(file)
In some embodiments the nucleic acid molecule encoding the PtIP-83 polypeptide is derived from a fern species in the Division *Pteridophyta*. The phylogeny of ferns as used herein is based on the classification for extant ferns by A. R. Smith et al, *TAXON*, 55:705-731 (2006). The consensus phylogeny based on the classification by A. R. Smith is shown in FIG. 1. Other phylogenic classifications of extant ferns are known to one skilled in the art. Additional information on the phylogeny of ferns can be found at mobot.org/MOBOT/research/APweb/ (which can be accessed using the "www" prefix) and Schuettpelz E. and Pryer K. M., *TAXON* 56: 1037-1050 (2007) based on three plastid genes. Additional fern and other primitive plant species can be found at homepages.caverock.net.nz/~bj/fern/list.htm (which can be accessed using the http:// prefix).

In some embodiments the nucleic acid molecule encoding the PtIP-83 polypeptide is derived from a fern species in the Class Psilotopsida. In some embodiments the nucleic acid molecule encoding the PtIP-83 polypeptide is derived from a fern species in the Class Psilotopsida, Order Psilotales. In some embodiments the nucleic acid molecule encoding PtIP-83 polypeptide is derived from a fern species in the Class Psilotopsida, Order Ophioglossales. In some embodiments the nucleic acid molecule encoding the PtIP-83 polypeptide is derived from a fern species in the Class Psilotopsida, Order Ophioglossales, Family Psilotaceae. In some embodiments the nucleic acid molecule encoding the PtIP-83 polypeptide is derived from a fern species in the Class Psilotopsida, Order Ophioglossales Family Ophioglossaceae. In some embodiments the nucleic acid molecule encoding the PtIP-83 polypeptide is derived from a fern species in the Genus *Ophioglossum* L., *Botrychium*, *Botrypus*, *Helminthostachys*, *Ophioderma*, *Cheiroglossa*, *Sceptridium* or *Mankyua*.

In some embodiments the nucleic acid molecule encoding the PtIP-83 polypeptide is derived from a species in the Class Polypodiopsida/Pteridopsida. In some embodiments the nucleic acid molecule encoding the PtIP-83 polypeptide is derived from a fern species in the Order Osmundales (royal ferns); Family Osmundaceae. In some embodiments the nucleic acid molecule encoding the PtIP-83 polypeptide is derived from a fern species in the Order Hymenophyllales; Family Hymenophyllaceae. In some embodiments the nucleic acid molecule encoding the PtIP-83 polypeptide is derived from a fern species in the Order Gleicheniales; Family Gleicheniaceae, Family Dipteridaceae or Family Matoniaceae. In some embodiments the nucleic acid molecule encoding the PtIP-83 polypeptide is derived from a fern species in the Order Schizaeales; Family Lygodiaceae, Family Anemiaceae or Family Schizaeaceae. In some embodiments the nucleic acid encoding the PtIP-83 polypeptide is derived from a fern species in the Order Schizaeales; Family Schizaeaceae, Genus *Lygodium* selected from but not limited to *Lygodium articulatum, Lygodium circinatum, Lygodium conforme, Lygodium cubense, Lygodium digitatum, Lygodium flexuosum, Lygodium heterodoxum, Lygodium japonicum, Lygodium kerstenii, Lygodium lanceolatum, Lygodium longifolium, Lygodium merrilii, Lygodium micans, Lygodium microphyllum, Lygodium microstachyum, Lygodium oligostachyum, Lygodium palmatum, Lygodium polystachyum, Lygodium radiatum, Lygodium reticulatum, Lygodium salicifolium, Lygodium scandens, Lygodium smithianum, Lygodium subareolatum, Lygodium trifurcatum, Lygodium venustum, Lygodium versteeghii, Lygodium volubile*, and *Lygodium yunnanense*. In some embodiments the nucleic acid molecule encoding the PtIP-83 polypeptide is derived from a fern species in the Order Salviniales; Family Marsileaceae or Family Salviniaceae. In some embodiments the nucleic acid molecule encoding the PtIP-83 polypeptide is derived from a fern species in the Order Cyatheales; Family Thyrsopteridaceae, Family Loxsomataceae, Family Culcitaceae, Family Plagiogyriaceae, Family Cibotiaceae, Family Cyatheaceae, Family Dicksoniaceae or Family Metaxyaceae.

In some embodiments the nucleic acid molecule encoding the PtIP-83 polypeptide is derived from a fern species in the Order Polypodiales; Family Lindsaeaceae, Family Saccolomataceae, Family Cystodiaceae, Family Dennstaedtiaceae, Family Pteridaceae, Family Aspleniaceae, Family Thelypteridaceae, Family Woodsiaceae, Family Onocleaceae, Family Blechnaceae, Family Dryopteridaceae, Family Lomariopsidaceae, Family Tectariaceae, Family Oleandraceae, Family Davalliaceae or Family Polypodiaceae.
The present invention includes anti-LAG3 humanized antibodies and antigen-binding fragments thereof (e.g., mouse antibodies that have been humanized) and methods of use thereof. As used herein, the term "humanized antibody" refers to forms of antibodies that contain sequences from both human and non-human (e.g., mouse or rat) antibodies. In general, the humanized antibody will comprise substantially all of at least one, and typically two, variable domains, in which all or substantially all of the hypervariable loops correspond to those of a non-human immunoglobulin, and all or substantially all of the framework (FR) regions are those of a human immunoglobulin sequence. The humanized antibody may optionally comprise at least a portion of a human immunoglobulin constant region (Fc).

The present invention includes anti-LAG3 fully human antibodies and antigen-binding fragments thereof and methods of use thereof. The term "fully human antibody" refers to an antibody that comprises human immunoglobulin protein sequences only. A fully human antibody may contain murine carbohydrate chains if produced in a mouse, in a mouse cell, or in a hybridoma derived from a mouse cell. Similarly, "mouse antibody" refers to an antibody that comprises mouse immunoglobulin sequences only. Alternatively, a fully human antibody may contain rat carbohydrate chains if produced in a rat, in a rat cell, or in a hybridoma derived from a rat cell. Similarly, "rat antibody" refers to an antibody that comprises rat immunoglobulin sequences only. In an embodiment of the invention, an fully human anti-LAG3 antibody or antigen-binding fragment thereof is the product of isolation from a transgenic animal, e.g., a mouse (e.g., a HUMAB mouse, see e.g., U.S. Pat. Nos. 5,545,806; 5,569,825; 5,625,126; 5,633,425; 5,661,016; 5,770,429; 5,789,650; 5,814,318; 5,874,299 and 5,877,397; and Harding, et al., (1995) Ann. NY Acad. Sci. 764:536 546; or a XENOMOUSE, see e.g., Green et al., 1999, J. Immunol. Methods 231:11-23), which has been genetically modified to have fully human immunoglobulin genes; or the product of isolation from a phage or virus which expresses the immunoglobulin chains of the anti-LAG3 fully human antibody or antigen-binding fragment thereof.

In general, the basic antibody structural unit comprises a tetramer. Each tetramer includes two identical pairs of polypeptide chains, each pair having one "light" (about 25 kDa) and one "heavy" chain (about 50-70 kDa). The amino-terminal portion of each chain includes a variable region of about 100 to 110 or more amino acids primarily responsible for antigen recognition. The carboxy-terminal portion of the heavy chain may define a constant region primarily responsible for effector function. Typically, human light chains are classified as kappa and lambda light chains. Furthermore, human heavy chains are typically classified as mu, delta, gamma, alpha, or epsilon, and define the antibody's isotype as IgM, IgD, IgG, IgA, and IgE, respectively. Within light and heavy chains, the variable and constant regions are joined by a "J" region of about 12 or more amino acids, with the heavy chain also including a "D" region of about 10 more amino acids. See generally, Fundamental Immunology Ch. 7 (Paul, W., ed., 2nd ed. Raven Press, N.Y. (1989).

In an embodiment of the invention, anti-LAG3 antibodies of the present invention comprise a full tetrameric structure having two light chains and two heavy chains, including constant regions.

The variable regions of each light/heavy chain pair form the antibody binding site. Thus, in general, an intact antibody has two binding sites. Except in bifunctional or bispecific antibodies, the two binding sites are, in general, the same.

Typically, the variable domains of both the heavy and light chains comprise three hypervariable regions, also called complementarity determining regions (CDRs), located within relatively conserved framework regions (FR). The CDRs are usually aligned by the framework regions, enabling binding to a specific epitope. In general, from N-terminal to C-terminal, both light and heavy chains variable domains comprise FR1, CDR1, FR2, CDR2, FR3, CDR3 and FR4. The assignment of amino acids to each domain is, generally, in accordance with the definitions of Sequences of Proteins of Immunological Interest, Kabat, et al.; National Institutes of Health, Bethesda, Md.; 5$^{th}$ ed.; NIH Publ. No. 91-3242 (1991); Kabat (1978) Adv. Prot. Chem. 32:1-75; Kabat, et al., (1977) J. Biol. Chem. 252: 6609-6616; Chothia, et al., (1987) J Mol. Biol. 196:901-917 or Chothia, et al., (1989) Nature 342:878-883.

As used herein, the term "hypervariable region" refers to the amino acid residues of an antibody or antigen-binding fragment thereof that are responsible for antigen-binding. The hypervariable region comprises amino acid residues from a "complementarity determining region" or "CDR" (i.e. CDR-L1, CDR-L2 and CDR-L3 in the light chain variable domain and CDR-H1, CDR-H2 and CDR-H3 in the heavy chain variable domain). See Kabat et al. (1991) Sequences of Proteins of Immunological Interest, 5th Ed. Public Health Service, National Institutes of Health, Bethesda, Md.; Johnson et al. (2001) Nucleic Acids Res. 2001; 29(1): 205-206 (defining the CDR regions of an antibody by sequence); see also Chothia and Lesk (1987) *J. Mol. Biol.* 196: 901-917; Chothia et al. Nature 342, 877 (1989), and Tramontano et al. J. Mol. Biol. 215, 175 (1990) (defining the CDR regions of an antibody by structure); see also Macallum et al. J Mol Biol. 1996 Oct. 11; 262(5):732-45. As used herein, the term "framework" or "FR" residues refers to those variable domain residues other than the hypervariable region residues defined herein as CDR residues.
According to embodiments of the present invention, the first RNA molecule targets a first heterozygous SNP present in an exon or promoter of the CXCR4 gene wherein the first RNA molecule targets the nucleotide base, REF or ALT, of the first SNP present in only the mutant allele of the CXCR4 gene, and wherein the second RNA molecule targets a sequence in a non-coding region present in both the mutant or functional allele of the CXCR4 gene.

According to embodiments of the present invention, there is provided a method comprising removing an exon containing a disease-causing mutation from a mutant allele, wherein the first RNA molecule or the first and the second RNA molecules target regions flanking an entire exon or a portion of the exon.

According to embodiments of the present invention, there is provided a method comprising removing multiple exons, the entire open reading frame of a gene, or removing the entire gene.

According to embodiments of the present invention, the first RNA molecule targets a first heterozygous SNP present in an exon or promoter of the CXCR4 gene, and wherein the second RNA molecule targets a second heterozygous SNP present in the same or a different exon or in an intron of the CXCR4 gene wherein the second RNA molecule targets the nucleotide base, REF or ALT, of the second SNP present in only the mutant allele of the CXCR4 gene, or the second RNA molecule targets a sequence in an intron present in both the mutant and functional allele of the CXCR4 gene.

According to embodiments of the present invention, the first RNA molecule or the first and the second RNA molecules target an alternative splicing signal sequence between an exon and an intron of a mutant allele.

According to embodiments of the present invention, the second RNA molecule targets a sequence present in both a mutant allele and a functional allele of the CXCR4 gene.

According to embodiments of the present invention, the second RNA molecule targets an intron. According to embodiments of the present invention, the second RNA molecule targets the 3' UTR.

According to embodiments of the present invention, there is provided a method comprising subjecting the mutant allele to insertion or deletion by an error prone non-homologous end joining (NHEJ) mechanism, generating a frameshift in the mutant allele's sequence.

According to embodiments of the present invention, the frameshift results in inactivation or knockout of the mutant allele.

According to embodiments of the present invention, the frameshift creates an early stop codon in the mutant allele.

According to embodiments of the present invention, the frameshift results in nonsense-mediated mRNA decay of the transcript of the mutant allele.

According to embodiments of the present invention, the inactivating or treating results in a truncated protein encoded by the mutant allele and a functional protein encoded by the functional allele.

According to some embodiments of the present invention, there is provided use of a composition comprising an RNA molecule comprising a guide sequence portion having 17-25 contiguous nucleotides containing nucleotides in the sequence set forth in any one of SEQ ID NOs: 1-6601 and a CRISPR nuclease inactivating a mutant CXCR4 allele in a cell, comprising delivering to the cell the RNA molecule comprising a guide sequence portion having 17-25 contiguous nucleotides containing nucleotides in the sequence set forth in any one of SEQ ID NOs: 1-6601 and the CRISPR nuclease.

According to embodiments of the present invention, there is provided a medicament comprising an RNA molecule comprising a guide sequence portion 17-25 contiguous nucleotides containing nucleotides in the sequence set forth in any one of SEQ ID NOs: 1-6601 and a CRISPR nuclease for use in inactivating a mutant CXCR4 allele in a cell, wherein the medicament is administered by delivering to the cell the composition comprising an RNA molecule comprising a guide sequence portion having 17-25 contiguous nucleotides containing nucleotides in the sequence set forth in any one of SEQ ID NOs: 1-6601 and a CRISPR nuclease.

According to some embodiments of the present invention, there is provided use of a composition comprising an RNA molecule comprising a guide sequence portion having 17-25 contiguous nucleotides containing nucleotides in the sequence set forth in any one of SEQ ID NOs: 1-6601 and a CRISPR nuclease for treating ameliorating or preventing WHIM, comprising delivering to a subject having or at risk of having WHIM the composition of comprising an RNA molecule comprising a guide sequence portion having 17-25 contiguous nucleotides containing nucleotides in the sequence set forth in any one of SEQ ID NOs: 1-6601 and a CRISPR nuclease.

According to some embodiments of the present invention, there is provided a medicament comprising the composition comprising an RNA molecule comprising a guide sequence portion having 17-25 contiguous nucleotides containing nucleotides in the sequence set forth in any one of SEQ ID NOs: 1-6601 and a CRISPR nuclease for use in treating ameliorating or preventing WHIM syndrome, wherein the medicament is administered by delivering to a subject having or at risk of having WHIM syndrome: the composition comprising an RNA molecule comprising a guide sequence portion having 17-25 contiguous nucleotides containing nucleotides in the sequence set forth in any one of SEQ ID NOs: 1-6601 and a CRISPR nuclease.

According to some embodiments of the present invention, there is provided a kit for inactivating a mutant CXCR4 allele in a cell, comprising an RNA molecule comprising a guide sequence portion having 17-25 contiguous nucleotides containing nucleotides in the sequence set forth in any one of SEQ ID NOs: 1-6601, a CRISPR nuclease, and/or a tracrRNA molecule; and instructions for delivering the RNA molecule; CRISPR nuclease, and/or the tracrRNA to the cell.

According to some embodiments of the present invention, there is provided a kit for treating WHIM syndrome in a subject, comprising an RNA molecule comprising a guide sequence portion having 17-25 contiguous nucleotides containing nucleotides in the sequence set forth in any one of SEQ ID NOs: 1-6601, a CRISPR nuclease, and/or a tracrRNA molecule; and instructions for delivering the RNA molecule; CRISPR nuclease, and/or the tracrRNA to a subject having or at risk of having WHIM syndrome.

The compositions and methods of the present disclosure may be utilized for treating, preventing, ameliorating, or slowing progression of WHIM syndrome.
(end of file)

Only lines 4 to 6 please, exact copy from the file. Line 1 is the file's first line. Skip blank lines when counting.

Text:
In some embodiments the nucleic acid molecule encoding the PtIP-83 polypeptide is derived from a fern species in the Order Polypodiales; Family Lindsaeaceae, Family Saccolomataceae, Family Cystodiaceae, Family Dennstaedtiaceae, Family Pteridaceae, Family Aspleniaceae, Family Thelypteridaceae, Family Woodsiaceae, Family Onocleaceae, Family Blechnaceae, Family Dryopteridaceae, Family Lomariopsidaceae, Family Tectariaceae, Family Oleandraceae, Family Davalliaceae or Family Polypodiaceae.
The present invention includes anti-LAG3 humanized antibodies and antigen-binding fragments thereof (e.g., mouse antibodies that have been humanized) and methods of use thereof. As used herein, the term "humanized antibody" refers to forms of antibodies that contain sequences from both human and non-human (e.g., mouse or rat) antibodies. In general, the humanized antibody will comprise substantially all of at least one, and typically two, variable domains, in which all or substantially all of the hypervariable loops correspond to those of a non-human immunoglobulin, and all or substantially all of the framework (FR) regions are those of a human immunoglobulin sequence. The humanized antibody may optionally comprise at least a portion of a human immunoglobulin constant region (Fc).

The present invention includes anti-LAG3 fully human antibodies and antigen-binding fragments thereof and methods of use thereof. The term "fully human antibody" refers to an antibody that comprises human immunoglobulin protein sequences only. A fully human antibody may contain murine carbohydrate chains if produced in a mouse, in a mouse cell, or in a hybridoma derived from a mouse cell. Similarly, "mouse antibody" refers to an antibody that comprises mouse immunoglobulin sequences only. Alternatively, a fully human antibody may contain rat carbohydrate chains if produced in a rat, in a rat cell, or in a hybridoma derived from a rat cell. Similarly, "rat antibody" refers to an antibody that comprises rat immunoglobulin sequences only. In an embodiment of the invention, an fully human anti-LAG3 antibody or antigen-binding fragment thereof is the product of isolation from a transgenic animal, e.g., a mouse (e.g., a HUMAB mouse, see e.g., U.S. Pat. Nos. 5,545,806; 5,569,825; 5,625,126; 5,633,425; 5,661,016; 5,770,429; 5,789,650; 5,814,318; 5,874,299 and 5,877,397; and Harding, et al., (1995) Ann. NY Acad. Sci. 764:536 546; or a XENOMOUSE, see e.g., Green et al., 1999, J. Immunol. Methods 231:11-23), which has been genetically modified to have fully human immunoglobulin genes; or the product of isolation from a phage or virus which expresses the immunoglobulin chains of the anti-LAG3 fully human antibody or antigen-binding fragment thereof.